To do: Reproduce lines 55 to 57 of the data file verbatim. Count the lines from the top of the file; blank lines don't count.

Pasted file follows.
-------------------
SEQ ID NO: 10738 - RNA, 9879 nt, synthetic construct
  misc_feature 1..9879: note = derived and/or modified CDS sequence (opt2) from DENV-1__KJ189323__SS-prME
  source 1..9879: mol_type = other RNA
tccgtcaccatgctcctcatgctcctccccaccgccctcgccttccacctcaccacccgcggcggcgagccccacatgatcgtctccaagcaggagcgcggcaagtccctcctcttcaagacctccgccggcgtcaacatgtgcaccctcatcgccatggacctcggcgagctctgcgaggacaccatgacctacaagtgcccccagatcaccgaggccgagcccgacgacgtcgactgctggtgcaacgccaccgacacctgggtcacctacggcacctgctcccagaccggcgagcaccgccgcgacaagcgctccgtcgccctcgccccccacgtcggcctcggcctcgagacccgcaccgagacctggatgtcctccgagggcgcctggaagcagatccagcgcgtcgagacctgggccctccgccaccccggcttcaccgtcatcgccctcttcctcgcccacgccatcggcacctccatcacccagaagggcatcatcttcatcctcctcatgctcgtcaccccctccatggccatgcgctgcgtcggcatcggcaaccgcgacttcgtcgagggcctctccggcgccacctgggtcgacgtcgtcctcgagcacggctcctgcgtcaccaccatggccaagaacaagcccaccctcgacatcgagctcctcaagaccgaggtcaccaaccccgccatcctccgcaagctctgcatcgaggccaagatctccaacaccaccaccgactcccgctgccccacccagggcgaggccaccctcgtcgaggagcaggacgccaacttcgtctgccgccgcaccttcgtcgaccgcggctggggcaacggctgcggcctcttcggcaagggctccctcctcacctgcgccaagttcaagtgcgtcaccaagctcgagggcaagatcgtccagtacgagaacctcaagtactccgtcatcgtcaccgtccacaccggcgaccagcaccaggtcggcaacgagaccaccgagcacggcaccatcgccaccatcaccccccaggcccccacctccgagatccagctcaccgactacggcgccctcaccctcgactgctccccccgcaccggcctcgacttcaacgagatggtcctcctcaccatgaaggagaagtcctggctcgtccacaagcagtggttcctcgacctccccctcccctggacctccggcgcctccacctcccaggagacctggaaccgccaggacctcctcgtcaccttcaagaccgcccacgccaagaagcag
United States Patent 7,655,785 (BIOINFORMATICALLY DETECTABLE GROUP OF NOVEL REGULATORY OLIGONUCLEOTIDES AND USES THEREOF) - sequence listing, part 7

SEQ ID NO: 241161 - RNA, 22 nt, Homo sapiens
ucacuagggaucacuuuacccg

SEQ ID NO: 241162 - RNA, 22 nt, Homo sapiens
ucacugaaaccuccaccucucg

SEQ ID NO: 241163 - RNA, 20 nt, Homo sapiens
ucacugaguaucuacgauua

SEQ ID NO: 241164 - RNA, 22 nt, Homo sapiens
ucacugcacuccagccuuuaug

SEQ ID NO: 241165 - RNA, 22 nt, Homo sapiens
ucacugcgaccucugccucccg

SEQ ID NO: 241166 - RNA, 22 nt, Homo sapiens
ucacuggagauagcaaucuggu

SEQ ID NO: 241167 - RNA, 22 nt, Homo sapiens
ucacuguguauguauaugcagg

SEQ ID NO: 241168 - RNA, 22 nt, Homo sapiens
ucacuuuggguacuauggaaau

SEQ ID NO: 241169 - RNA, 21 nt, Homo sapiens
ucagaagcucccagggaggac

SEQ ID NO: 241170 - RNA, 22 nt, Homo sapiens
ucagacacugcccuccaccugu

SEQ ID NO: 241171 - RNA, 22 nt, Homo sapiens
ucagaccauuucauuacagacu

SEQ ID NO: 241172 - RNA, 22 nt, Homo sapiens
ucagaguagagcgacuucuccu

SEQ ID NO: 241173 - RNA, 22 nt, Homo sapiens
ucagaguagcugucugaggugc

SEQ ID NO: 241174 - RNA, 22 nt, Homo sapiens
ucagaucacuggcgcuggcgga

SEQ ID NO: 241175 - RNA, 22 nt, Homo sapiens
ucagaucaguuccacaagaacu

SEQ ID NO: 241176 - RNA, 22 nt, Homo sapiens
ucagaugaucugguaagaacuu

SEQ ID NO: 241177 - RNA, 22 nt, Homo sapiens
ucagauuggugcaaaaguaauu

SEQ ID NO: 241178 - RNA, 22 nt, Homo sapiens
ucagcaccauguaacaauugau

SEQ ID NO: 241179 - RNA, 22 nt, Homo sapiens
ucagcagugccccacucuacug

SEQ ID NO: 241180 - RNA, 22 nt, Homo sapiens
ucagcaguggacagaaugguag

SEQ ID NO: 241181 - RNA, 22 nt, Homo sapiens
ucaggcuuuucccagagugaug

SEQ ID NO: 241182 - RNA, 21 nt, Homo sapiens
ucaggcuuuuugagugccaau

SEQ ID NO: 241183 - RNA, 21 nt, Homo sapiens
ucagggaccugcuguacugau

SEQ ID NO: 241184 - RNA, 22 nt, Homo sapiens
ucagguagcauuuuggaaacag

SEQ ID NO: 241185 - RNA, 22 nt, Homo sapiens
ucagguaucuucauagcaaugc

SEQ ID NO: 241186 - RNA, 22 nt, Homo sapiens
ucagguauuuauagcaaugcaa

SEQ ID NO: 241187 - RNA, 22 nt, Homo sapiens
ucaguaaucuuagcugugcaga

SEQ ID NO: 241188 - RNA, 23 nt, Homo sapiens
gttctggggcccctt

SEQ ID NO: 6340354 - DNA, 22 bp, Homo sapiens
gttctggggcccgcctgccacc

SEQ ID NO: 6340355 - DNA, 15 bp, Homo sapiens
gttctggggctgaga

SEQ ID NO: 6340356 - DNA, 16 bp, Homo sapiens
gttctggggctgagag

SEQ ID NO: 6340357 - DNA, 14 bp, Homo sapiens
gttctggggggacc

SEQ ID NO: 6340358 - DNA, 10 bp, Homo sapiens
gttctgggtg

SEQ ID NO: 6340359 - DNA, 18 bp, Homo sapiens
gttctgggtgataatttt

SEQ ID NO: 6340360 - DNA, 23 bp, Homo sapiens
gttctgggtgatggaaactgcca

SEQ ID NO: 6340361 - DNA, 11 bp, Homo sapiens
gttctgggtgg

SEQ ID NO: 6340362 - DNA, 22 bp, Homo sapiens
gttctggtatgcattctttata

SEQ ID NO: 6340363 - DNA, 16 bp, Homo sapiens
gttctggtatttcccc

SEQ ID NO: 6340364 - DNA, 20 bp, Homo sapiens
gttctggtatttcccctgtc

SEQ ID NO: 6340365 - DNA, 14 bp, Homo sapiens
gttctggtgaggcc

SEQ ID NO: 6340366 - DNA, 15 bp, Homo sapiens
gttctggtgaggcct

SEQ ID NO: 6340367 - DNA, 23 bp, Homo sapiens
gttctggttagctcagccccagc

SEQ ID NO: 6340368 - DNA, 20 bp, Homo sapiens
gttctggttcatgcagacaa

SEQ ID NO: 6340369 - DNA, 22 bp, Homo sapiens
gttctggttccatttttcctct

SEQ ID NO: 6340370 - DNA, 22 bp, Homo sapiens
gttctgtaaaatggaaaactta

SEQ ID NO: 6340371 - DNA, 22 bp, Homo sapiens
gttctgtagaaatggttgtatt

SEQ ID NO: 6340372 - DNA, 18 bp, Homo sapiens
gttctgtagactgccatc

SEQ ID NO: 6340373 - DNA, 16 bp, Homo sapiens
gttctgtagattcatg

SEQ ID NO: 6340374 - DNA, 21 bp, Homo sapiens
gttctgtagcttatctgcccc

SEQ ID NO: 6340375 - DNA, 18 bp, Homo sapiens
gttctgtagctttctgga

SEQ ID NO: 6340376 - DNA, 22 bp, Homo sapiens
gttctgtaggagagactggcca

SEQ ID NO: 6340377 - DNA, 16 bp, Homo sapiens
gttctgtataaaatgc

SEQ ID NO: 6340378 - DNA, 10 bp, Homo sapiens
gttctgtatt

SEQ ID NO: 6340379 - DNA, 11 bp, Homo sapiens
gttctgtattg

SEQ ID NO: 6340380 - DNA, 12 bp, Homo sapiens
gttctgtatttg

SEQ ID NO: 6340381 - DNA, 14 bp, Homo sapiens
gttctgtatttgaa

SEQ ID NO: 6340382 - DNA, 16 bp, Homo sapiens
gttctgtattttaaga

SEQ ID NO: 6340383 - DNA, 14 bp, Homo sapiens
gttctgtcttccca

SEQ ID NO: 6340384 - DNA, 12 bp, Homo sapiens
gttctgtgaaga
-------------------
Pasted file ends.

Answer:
ucagguaucuucauagcaaugc

SEQ ID NO: 241186 - RNA, 22 nt, Homo sapiens
ucagguauuuauagcaaugcaa